Navigating dating world during COVID-19 pandemic

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Lauryn Aviles

Lauryn Aviles, Contributing Reporter

Singledom and dating already presented a whole host of problems before the outbreak of COVID-19.  From first-date jitters, to getting ghosted after a weeks-long fling, to much-to-be-desired hookups, dating can be reduced to one word: complicated. With COVID-19 mandates and regulations varying across state lines, the dating scene, along with every other sector of our lives, has completely transformed.

Though Tinder, Bumble, Hinge and Grindr were staples in the pre-pandemic college dating and hookup scene, dating apps have reported increased popularity and usage, with many apps rolling out virtual dating options. Bumble even allows users to include a virtual dating badge on their profiles, alerting potential matches that they are willing to date via phone and video calls. And as thousands of undergraduates returned to New Orleans for the start of the fall 2020 semester after emerging from months of quarantine and isolation, many students felt incentivized to re-enter the dating and hookup scene with a whole host of self-set parameters.

Some university health centers have released ways to mitigate risk in dating and sex in the midst of a pandemic. The University of Georgia released now-deleted guidelines for sex and relationships amidst COVID-19, adapted from the New York City Department of Health’s guidelines, that suggested safer alternatives to approaching sex and relations. These suggestions, which included masturbating, wearing a mask during sex and being “creative with sexual positions that reduce close face-to-face contact,” has resulted in an internet roast of the University of Georgia, with one TikTok user interpreting the memo as the university encouraging  students to “hit it from behind.”

Aside from linking the CDC guide for individuals on mitigating the spread of viruses including COVID-19, the Tulane Health Center has not released a statement regarding sex and relationships under their Health and Prevention FAQs webpage. Senior Amanda Blum, deems Tulane’s lack of forethought and recognition of this aspect of college life as “negligent.”

“I know a large portion of students will not follow a statement … no matter where it comes from, but for students who are more health conscious it would be nice to have a public health guideline specifically tailored to Tulane University students on how the university expects us to have relationships and some helpful social distancing guidelines,” Blum said. “More information can never be harmful.”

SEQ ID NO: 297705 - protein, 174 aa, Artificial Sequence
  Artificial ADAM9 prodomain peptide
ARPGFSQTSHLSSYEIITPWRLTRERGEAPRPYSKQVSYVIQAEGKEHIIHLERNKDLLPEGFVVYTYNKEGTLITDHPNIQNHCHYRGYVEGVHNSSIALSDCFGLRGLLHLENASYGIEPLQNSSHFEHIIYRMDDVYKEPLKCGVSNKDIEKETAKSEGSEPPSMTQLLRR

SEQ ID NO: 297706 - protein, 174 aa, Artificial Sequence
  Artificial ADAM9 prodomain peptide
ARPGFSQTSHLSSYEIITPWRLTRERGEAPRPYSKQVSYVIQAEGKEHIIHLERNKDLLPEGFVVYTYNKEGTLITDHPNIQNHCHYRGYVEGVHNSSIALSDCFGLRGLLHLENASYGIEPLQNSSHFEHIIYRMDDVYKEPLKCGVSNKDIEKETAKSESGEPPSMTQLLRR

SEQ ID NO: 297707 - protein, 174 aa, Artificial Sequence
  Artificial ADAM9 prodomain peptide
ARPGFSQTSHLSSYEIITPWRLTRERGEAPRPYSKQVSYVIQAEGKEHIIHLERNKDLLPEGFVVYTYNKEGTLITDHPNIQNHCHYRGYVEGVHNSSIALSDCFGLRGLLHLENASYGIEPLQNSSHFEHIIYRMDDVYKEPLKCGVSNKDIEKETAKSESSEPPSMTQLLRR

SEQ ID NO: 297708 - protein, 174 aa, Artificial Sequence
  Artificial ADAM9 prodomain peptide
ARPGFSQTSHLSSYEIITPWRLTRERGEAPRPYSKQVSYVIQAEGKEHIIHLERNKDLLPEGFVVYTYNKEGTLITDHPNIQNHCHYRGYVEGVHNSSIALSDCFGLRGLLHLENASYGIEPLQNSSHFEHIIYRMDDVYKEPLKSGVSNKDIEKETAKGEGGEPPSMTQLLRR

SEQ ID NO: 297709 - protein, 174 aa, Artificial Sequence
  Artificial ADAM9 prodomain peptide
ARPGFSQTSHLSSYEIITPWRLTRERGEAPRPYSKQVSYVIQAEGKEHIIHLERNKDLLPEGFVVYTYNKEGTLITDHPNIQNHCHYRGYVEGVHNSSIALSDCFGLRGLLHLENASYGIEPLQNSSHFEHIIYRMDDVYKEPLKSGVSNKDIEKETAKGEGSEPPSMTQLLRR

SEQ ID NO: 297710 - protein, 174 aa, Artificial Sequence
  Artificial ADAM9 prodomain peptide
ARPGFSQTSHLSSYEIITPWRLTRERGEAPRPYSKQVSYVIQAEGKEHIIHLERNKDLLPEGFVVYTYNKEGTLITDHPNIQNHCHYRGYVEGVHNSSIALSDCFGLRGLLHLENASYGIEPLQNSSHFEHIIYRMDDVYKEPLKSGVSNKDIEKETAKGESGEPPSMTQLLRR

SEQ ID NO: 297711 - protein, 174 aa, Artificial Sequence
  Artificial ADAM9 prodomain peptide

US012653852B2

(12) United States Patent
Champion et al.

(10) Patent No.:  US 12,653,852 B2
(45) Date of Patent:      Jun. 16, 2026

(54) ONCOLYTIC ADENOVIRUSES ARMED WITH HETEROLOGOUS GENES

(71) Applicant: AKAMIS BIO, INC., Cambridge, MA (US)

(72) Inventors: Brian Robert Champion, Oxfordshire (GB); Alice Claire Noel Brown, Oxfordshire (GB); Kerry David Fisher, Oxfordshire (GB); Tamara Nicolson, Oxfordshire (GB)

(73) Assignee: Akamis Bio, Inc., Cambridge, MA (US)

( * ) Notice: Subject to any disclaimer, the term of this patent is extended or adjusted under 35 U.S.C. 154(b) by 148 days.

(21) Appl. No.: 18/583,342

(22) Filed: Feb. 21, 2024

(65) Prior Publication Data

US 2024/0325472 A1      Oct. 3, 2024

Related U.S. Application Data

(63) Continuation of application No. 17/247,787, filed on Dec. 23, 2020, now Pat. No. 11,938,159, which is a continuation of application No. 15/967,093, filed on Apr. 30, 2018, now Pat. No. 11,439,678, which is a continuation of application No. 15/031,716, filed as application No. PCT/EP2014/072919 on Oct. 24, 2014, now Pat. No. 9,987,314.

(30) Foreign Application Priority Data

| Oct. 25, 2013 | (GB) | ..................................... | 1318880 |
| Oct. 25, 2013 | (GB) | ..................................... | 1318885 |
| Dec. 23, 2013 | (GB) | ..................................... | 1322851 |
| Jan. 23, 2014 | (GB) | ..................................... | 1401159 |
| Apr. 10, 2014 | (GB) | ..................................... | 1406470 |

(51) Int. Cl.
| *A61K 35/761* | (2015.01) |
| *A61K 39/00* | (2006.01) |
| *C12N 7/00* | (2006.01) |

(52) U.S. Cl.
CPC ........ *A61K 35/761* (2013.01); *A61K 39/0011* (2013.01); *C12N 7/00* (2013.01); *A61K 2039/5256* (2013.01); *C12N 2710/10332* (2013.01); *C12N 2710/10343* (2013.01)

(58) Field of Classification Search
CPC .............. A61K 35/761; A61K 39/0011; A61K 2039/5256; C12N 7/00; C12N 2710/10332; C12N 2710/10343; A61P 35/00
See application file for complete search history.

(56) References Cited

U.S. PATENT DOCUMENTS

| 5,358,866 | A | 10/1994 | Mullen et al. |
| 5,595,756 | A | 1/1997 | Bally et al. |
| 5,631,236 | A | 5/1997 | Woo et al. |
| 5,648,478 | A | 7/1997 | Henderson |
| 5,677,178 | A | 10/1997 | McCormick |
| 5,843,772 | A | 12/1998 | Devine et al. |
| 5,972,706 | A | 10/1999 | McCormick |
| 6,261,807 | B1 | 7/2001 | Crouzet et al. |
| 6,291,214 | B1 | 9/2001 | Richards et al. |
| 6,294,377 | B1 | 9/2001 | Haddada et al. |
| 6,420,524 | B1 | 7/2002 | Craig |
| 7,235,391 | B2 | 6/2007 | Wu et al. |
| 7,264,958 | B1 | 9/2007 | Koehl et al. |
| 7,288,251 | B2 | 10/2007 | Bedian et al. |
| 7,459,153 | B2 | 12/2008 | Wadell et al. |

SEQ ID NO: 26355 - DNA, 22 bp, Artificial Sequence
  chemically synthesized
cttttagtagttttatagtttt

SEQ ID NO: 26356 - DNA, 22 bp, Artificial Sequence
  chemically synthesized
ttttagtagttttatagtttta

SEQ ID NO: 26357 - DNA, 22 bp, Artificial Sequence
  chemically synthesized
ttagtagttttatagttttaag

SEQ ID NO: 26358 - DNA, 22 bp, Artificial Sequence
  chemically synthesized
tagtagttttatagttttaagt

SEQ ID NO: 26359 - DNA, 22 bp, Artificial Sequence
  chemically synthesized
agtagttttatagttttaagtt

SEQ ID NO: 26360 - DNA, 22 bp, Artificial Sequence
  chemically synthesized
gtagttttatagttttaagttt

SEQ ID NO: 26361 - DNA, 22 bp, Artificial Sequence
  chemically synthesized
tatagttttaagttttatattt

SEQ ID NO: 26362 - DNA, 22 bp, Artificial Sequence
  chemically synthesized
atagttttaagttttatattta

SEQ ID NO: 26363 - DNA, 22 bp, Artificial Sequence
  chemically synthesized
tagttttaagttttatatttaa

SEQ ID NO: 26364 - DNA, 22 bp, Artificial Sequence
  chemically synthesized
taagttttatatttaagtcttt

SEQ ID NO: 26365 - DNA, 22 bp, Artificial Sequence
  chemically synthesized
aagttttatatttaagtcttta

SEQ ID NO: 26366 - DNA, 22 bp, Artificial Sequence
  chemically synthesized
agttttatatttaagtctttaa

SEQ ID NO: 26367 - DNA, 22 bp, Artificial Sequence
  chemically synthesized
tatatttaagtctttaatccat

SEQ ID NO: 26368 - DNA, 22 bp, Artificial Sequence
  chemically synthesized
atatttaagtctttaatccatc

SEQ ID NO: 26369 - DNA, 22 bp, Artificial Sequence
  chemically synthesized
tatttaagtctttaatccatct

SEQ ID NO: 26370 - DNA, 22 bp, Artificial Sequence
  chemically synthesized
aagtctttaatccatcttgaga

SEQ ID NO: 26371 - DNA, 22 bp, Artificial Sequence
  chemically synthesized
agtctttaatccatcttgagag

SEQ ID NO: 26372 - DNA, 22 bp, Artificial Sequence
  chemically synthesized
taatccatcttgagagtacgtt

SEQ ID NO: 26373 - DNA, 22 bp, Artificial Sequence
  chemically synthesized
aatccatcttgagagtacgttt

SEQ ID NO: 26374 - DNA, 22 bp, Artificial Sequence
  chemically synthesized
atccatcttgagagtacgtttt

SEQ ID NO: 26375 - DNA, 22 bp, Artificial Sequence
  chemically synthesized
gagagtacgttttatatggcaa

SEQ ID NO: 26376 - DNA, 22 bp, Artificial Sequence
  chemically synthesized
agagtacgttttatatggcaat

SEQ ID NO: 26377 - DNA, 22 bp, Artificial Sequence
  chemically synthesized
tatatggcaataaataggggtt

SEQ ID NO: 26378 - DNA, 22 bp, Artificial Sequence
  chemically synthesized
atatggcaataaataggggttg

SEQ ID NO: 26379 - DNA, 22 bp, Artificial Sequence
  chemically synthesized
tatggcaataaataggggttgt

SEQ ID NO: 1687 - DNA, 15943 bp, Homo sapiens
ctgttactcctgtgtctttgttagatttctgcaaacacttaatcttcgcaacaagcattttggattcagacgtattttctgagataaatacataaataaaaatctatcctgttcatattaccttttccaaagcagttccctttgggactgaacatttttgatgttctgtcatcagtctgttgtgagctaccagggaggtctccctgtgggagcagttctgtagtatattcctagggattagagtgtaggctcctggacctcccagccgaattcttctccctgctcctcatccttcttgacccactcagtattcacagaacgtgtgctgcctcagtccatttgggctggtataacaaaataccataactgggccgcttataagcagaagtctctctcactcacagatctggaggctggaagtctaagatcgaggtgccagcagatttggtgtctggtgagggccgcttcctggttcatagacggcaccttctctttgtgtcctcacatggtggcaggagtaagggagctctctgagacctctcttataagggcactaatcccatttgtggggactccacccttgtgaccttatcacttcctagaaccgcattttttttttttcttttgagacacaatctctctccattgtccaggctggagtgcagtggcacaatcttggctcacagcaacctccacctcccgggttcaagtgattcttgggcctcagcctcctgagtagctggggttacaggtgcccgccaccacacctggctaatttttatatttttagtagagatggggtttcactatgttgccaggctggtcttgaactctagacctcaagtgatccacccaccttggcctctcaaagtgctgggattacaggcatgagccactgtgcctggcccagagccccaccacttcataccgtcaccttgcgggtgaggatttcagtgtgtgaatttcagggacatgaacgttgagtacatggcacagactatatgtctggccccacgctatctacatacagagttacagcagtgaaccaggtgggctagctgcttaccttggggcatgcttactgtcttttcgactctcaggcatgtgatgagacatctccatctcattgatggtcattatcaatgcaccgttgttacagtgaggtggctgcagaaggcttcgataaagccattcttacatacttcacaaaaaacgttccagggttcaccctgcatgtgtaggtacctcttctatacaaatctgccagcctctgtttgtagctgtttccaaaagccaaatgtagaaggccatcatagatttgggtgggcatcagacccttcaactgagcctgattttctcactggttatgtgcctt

Without guidance from the university, students are creating their own household rules regarding the risks they are willing to take in dating, relationships and sex. Using testimonies that students sent to The Hullabaloo, responses show that the risks that students are willing to take differ greatly across social bubbles and quarantine pods.

Some students wrote in that they are strictly hooking up and pursuing relationships with those they already know, feeling that it takes some of the unknowns out of dating in the midst of a pandemic.

“Under normal circumstances, hooking up affects primarily the two people involved, [but] during COVID it affects two people and their presumably separate quarantine bubbles,” senior Fiona Kennedy said.

Before agreeing to go on a socially distant date with someone from Tinder or Bumble, Kennedy said there are lots of questions to ask beforehand. “Are they social distancing? Do they go to parties? When was the last time they got tested? What are the habits of people they live with?”  

 These necessary questions to mitigate risk “take some of the fun out of dating,” she says.

Senior Evan Bennett says he is “setting strict boundaries” for himself and that if he ends up going on a date, “it will be outside or socially distanced, especially from other people.” The majority of the responses indicate that many students are taking these precautions when dating by doing things like walks in Audubon Park, picnics, or eating at restaurants outdoors.  

Most of the responses indicate that their dating lives will be taking a back seat this semester. Certainly, there is an inherent risk in pursuing any relationship, though the risk of COVID-19 has led students to form their own parameters for safer dating and relationships. Whether taking themselves out of the hook-up scene entirely, vetting romantic interests by asking about their social distancing practices or starting a romance with those they live with, the dating scene has a whole host of new, self-set rules that make spontaneity a thing of dates’ past.